Not strictly an anthropological post, but one that highlights how in some cases, humans are still better at deciphering visual data than the powerful computers and pattern recognition applications that have been built and designed over recent years. Following in the steps of previous projects like stardust@home, Galaxy Zoo needs volunteers to log on to their site and help classify thousands of images of galaxies, many of which will never have been seen by human eyes as all the images were acquired by the Sloan Digital Sky Survey robotic telescope.
Computers users undergo a three-minute online tutorial and are then allocated a series of images and asked to decide whether each one shows a spiral or an elliptical galaxy. If it’s a spiral galaxy, they’re asked to decide which way it appears to be rotating. Kevin Schawinski, an astrophysicist at Oxford University, UK, is one of the team who devised the project.
“I classified about 50,000 galaxies myself in a week,” he said. “It was mind-numbing. It’s not just for fun,” he added. “The human brain is actually better than a computer at pattern recognition tasks like this. Whether you spend five minutes, fifteen minutes or five hours using the site, your contribution will be invaluable.”
And further comment from Dr. Chris Lintott, another member of the Galaxy Zoo Team…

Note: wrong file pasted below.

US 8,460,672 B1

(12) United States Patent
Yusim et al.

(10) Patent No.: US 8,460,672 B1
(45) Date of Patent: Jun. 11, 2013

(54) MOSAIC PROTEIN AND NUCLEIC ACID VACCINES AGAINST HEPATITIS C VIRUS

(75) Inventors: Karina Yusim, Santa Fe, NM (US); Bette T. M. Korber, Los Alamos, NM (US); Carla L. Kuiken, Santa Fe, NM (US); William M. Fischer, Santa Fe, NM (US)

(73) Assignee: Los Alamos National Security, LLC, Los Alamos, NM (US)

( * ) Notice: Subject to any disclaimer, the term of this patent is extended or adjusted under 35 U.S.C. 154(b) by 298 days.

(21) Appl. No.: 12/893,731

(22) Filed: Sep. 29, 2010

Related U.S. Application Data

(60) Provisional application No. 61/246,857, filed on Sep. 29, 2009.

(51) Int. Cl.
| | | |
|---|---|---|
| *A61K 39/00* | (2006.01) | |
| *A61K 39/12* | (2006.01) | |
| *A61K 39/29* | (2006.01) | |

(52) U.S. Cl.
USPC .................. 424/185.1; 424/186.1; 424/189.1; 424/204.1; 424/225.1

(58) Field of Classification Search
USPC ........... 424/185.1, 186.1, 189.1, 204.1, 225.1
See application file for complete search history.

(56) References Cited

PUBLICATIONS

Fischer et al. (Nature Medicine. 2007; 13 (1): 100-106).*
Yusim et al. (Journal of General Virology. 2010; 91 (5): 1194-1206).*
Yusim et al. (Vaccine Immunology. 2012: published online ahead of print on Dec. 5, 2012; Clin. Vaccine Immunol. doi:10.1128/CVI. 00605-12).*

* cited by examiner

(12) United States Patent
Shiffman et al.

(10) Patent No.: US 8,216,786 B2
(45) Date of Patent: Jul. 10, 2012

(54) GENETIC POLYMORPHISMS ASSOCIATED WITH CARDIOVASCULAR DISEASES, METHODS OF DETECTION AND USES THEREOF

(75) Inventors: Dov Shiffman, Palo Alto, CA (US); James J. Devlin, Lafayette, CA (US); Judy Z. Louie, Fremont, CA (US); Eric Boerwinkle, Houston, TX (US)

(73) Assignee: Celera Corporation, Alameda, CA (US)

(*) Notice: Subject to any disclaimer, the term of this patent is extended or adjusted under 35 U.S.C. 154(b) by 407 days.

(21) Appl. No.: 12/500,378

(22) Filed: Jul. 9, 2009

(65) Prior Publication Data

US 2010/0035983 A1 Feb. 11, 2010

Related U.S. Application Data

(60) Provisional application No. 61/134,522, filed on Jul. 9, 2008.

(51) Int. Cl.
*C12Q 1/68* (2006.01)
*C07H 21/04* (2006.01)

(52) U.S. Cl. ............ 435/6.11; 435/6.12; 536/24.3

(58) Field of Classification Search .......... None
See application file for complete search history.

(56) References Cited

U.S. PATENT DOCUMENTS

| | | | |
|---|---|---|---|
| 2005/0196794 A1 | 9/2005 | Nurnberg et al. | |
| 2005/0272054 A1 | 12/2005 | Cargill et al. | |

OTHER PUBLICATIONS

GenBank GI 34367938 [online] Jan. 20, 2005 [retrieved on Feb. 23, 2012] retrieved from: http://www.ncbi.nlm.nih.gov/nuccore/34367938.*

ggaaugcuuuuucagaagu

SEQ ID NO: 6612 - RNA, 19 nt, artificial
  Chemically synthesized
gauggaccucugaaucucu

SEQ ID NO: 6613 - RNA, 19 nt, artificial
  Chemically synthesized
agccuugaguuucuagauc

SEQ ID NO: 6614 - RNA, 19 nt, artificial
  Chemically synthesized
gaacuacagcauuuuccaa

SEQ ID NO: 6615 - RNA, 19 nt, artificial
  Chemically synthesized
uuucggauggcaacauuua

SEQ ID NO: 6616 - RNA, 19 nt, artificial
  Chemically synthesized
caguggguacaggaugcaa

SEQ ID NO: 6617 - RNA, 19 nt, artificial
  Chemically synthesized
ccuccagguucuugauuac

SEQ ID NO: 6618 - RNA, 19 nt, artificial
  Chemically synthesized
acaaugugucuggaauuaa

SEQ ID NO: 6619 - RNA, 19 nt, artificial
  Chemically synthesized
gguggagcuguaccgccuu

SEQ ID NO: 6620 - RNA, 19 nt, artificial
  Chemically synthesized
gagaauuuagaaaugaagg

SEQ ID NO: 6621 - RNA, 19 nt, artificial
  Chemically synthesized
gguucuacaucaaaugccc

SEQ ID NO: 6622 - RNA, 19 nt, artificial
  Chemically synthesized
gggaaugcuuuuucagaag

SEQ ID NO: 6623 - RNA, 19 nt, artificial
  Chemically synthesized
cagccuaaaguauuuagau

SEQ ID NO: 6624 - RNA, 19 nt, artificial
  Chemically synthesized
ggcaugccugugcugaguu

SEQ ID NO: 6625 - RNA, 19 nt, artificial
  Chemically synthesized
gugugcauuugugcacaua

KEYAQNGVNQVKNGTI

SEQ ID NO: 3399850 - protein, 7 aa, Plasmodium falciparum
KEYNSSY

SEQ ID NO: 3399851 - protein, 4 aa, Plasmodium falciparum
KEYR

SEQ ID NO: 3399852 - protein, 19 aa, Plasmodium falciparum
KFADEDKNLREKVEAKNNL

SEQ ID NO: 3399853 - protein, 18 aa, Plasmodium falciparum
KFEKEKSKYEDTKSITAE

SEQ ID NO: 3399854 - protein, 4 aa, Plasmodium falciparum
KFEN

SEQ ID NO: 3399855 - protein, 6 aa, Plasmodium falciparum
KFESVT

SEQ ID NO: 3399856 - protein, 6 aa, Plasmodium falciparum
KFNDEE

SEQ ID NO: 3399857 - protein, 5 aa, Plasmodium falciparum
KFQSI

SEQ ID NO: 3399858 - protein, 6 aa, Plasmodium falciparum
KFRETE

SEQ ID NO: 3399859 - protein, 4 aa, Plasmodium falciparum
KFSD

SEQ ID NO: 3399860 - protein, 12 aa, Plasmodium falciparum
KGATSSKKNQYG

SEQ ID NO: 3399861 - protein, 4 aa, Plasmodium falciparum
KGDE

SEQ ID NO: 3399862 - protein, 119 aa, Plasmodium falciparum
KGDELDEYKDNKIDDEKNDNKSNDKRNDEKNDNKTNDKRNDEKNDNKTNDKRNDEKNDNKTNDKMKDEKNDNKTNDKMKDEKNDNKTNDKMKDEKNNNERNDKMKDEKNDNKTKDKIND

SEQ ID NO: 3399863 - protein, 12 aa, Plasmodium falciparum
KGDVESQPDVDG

“We hope that participants in Galaxy Zoo will not only contribute to science, but have a lot of fun along the way. One advantage is that you get to see parts of space that have never been seen before. These images were taken by a robotic telescope and processed automatically, so the odds are that when you log on, that first galaxy you see will be one that no human has seen before. It’s not often you get to see something unique.”
More surprising is another comment by cosmologist Kate Land, who suggests that laypersons are better equipped to make quick and objective judgments over galactic images, as many astronomers find it difficult not to ponder too deeply or become stressed when classifying images such as these. She also adds this final comment.
“Some people have argued that galaxies are rotating all in agreement with each other, not randomly as we’d expect. We want people to classify the galaxies according to which way they’re rotating and I’ll be able to go and see if there’s anything bizarre going on. If there are any patterns that we’re not expecting, It could really turn up some surprises.”
So if you feel like like logging on and teasing out those galactic details, head on over to Galaxy Zoo – personally I’m all for public participation in such projects, partly because it’s the public who funds most of this work, and also because it raises awareness of mankind’s bid to view and comprehend the vast Universe around us; ever since the dawn of mankind, our eyes have been busily scanning landscapes and their components, always wondering what lies over the next horizon. (TJ)
see also: Science Daily: Sloan Digital Sky Survey Finds Most Distant Object Ever Observed